Blog23 February 2023

What’s it like to be an engineer at Andrews Sykes? We asked Jason Watson…

Marketing Assistant Jahdia Spencer gets a taste of life as an engineer!

In light of it being National Engineers Week, it feels appropriate to highlight one of our engineers and delve into precisely what the job itself entails. That means I’m back with another Day in the Life segment, and this month I shadowed one of our talented Senior Service Engineers – Jason Watson.

As I’m generally office-based, I was excited to observe how the backbone of our business operates, and learn more about how the practical side of things work. As soon as I saw Jason arriving at the Charlton depot car park, I set about capturing potential social media content and documenting our day by taking notes on how a typical morning might unfold.

Jason’s day begins with a workout at the gym, which he considers ideal preparation for the physical exertion that goes hand in hand with the day job. Porridge and coffee follow, and are consumed while responding to emails relating to previous jobs. Even from this initial encounter, I quickly form the impression that his role is very reactive and that a call-out could be imminent. The only certainty is uncertainty, perhaps!

I start with the obvious: “Jason… what exactly is your role?”

Jason summarised: “My official job title is a Senior Service Engineer, and my role is to respond to any emergency HVAC jobs when called upon. I also am a specialist engineer for chillers and boilers. This mainly includes going to ad hoc jobs in London or the South, although with that said, it hasn’t been unheard of for me to go further afield into Europe to provide assistance at short notice.”

Before I could utter my second question, Jason’s manager came into the depot with a paper detailing our first job – a leak in a data centre in North London. And just like that, within a few minutes of our first interaction, we were off to install a PAC 22 air conditioning unit.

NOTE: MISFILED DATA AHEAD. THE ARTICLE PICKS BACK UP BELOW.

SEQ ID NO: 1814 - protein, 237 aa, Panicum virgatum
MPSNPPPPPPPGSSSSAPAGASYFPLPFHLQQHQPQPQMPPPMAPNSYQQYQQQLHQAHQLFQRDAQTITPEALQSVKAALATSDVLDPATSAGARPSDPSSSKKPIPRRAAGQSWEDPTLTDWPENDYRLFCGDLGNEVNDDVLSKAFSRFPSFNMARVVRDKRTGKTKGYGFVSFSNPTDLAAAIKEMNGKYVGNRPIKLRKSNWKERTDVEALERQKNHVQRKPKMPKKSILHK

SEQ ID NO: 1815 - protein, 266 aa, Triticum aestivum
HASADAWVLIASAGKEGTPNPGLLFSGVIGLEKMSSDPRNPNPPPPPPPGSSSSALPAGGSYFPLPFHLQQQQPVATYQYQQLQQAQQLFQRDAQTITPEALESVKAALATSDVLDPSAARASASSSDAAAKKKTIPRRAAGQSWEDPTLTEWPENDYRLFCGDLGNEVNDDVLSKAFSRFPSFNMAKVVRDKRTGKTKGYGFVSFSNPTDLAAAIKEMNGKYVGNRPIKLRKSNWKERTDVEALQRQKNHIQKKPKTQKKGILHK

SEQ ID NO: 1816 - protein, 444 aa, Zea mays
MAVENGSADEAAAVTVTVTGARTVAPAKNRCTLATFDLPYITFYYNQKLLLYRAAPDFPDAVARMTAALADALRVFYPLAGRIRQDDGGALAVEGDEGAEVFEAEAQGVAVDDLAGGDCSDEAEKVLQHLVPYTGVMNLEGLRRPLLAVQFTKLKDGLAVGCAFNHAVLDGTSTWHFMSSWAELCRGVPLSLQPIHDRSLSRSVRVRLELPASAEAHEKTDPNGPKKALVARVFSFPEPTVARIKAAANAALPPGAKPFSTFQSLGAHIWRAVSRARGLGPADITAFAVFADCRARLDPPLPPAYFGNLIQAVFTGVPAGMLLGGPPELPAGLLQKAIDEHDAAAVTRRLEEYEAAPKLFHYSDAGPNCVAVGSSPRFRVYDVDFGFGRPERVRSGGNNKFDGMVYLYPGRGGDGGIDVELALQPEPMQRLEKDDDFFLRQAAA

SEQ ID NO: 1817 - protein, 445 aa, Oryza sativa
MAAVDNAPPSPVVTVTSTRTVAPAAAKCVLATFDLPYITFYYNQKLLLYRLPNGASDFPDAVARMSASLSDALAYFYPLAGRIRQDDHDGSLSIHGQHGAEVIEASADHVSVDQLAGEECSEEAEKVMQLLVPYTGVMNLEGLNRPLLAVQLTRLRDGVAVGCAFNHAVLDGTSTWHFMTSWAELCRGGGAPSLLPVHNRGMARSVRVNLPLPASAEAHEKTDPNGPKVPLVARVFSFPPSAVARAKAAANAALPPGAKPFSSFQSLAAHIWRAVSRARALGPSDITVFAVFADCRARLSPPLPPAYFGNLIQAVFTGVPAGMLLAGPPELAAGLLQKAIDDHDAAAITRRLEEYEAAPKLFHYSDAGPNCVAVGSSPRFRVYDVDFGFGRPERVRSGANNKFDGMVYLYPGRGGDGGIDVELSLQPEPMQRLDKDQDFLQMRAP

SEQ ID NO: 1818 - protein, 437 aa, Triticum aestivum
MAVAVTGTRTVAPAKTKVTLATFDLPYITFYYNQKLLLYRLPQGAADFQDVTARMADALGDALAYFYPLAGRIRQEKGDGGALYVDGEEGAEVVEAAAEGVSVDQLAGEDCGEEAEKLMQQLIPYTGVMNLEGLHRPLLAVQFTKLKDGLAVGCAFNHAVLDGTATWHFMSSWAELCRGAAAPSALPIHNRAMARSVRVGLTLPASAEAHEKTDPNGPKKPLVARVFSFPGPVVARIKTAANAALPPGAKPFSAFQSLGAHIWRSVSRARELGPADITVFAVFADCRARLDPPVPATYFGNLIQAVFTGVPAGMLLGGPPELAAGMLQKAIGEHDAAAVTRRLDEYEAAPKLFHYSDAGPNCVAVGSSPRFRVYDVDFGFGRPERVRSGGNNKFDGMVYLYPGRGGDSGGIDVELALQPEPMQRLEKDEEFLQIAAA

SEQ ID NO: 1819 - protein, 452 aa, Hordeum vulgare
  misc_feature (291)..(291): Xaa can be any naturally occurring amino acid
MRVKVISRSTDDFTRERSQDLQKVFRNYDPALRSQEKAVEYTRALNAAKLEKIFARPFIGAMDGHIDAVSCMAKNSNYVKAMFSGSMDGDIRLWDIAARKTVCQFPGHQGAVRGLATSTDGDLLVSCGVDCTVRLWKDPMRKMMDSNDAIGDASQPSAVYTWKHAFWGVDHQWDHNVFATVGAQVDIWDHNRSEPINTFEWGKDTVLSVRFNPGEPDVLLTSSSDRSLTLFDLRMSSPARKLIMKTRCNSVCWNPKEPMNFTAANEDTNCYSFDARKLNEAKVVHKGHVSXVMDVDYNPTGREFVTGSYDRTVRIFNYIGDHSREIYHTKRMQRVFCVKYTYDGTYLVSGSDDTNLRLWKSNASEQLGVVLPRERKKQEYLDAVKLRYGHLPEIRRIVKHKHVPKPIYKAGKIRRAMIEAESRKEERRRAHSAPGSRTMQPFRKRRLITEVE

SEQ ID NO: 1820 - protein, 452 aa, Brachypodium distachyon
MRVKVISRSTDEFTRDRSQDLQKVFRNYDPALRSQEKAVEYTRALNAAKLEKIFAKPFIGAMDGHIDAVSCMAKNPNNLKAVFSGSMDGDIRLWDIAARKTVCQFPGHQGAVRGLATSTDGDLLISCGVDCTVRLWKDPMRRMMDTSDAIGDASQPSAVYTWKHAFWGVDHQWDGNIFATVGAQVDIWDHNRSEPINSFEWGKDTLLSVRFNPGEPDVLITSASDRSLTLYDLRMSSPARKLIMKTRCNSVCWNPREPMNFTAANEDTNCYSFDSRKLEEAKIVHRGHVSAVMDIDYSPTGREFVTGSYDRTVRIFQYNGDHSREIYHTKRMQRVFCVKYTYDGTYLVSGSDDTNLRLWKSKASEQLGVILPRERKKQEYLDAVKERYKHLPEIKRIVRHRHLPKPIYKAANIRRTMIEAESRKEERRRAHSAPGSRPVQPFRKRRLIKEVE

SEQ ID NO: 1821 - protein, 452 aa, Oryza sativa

During our hour-and-a-bit journey, I probed: “What made you choose to become an engineer?”

Jason explained that he was drawn to fixing things and solving problems as a child. Sixteen years ago, he saw a job advertisement for a summer temporary position at Andrews Sykes, and from that experience, he knew that both the role and the company fitted the bill!

Jason certainly exudes a level of confidence when going about his work, and his knowledge was plain for all to see when he correctly predicted the reasons behind the customer’s issue. Communicating largely in layman’s terms, Jason explained that pipework was coming loose and that a sense of urgency was important as data centres and water are not the best combination.

As we arrived on site, it seemed like second nature as Jason worked quickly on the faulty unit plus the other four present. Jason’s diligence was further highlighted when he took the time to assert that all heat exchangers were also functioning properly, meaning all equipment had been thoroughly checked. The process was completed once Jason and the site manager had signed the relevant paperwork, signifying a unanimous acceptance that the problem was rectified.

Our return to the van coincided with another instruction from the operations team back at the depot. Despite the bitter weather, I was surprised to learn that our next mission also involved air conditioning – and we made our way to the office in central London.